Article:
With best wishes,


Mrs Anne Main
Member for St Albans
House of Commons
0207 219 8270

Saturday, July 02, 2016

Brexit: A letter to my MP

Here is my letter to my local MP, who was part of the Vote Leave campaign in a majority Remain area:

Dear Anne Main,

I'm writing to express my deep disappointment at your backing of the Vote Leave campaign, your unquestioning repetition of the flagrant lies on which many of its arguments were based, and the appalling consequences which the campaign's narrow victory has now unleashed upon the country.

I'm aware that you are writing to other constituents defending your actions and refusing to modify your views in spite of the face of overwhelming evidence of the harm they have done, and indicating that if a vote on triggering Article 50 comes before Parliament you will vote to support it, citing 'respecting the choice of the people'.

The fact of the matter is the referendum was won by the narrowest of margins and purely as a result of the electorate being hoodwinked by self-serving politicians not ashamed to use lies and outright racism to bolster positions on this issue which would otherwise have been highly tenuous. This is not democracy; it is charlatanism. It is no more the choice of the people than the victim of a con artist 'choosing' to hand over their life savings. The growing chorus of 'Regrexiters' - those who voted to Leave and now wish they had not - is testament to this.

If it's the choice of the people you are interested in, may I suggest you begin by respecting the far more resounding 63% vote to remain in the EU, on a turnout of 82.5%, of the constituency you represent? Surely you can understand that if you continue to disrespect the clear wishes of a majority of your constituents, such a position is not only immoral, but untenable? You are highly likely to be voted out in an election which may come sooner than any of us expected. More to the point, it is a dereliction of your duty as our MP. You could not have a clearer picture of our views. Now please respect them.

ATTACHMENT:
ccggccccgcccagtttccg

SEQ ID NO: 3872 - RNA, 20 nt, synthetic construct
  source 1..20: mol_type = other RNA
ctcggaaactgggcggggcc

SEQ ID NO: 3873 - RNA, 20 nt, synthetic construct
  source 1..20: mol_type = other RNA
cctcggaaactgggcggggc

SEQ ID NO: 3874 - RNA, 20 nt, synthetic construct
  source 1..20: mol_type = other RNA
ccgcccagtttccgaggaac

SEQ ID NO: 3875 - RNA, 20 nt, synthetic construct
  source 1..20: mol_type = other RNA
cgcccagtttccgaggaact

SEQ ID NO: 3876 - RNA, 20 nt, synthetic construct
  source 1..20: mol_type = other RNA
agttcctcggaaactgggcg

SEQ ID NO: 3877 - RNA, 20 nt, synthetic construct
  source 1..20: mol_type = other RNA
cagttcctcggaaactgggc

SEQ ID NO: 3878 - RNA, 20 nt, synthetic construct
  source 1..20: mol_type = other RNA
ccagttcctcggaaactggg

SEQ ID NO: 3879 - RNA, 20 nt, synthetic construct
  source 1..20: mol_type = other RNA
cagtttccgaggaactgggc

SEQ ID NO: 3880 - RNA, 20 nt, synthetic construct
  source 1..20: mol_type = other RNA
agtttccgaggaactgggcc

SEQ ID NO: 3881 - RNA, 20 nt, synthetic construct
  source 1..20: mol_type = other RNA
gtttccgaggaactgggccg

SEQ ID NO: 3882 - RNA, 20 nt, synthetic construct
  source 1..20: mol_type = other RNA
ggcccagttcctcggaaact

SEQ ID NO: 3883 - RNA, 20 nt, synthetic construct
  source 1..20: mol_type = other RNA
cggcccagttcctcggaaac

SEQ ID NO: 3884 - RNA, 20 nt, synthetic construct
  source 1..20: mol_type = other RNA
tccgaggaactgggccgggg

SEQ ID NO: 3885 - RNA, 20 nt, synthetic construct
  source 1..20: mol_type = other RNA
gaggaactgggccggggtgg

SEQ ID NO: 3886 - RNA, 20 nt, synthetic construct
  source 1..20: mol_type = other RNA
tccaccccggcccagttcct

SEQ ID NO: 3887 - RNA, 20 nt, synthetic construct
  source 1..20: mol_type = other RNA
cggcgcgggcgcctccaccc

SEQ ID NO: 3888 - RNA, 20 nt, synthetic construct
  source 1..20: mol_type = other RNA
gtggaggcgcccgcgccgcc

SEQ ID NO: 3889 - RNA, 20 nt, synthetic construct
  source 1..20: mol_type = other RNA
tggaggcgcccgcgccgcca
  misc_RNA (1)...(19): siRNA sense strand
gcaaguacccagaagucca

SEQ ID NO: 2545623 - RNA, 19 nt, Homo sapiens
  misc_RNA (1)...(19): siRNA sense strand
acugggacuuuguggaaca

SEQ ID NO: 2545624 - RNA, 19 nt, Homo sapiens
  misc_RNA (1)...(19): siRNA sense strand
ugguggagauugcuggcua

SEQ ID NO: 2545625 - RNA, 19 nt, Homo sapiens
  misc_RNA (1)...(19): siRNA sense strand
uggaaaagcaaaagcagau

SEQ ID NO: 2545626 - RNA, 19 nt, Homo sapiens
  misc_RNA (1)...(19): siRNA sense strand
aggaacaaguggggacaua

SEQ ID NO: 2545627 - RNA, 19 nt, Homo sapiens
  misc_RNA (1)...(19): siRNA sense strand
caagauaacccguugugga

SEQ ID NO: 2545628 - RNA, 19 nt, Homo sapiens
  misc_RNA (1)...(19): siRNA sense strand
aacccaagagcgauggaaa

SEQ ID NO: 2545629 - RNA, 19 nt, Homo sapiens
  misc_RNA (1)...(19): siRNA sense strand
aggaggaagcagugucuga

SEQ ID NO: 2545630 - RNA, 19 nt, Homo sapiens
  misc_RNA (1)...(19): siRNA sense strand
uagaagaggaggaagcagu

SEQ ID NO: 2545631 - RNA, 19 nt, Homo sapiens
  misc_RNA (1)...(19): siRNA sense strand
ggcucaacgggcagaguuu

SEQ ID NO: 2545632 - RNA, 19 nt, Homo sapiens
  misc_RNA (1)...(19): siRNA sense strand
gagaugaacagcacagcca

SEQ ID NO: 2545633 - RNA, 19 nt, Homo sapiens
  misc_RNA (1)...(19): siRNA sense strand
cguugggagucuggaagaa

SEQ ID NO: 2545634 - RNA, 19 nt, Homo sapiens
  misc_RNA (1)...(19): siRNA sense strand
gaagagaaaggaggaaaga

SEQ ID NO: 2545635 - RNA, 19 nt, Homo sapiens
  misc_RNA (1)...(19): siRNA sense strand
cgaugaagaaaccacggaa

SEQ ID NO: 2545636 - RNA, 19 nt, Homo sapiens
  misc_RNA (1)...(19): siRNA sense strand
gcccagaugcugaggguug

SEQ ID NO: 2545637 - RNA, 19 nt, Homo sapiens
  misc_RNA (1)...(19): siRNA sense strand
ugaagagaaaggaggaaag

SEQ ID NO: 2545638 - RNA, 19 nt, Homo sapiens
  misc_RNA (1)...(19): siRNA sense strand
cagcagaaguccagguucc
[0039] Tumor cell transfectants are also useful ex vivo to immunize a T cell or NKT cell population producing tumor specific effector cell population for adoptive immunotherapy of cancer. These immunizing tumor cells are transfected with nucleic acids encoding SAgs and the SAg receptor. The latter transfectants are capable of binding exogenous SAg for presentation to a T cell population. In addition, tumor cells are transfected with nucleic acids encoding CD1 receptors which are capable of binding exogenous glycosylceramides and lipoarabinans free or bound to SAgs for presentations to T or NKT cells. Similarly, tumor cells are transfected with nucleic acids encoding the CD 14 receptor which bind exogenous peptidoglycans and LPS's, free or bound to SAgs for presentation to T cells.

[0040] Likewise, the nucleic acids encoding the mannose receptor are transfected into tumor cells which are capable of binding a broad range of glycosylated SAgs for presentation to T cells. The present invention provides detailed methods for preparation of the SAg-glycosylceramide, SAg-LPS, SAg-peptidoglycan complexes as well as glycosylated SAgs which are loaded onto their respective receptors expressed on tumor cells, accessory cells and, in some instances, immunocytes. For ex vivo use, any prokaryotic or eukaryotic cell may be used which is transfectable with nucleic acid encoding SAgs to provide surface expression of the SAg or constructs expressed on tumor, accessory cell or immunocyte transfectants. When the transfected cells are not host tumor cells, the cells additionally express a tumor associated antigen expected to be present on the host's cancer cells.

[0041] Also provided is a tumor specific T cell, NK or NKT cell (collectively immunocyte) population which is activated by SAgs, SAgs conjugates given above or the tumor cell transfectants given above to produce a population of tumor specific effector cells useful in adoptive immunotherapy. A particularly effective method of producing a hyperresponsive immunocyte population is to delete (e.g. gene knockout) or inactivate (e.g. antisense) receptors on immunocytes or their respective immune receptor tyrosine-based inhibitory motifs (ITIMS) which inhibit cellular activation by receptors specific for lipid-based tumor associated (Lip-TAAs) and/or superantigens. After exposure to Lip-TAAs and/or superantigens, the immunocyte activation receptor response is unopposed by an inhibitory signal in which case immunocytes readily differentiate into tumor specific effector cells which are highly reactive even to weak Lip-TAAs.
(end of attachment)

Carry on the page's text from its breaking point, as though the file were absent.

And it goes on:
The least you can do in light of the dreadful economic and social effects you have helped to unleash is to modify your views, align them with the people who elected you, and from now on do everything within your power to make sure that Britain stays within the EU - including voting against any motion to trigger Article 50 which comes before the Commons.

Yours sincerely,

Fin Kennedy

Tuesday, June 28, 2016

Reversal by Fin Kennedy*

We have lost our nation forever
And I refuse to believe that
Democratic consensus can be achieved
I realize this may be a shock but
“We are all in this together”
Was a lie, and
“Britain is broken - split down the middle”
So in 20 years I will tell my children
Their futures ended here
Racist politicians and our right-wing press will know that
We got our priorities straight because
Is more important than
This we know to be true
Once upon a time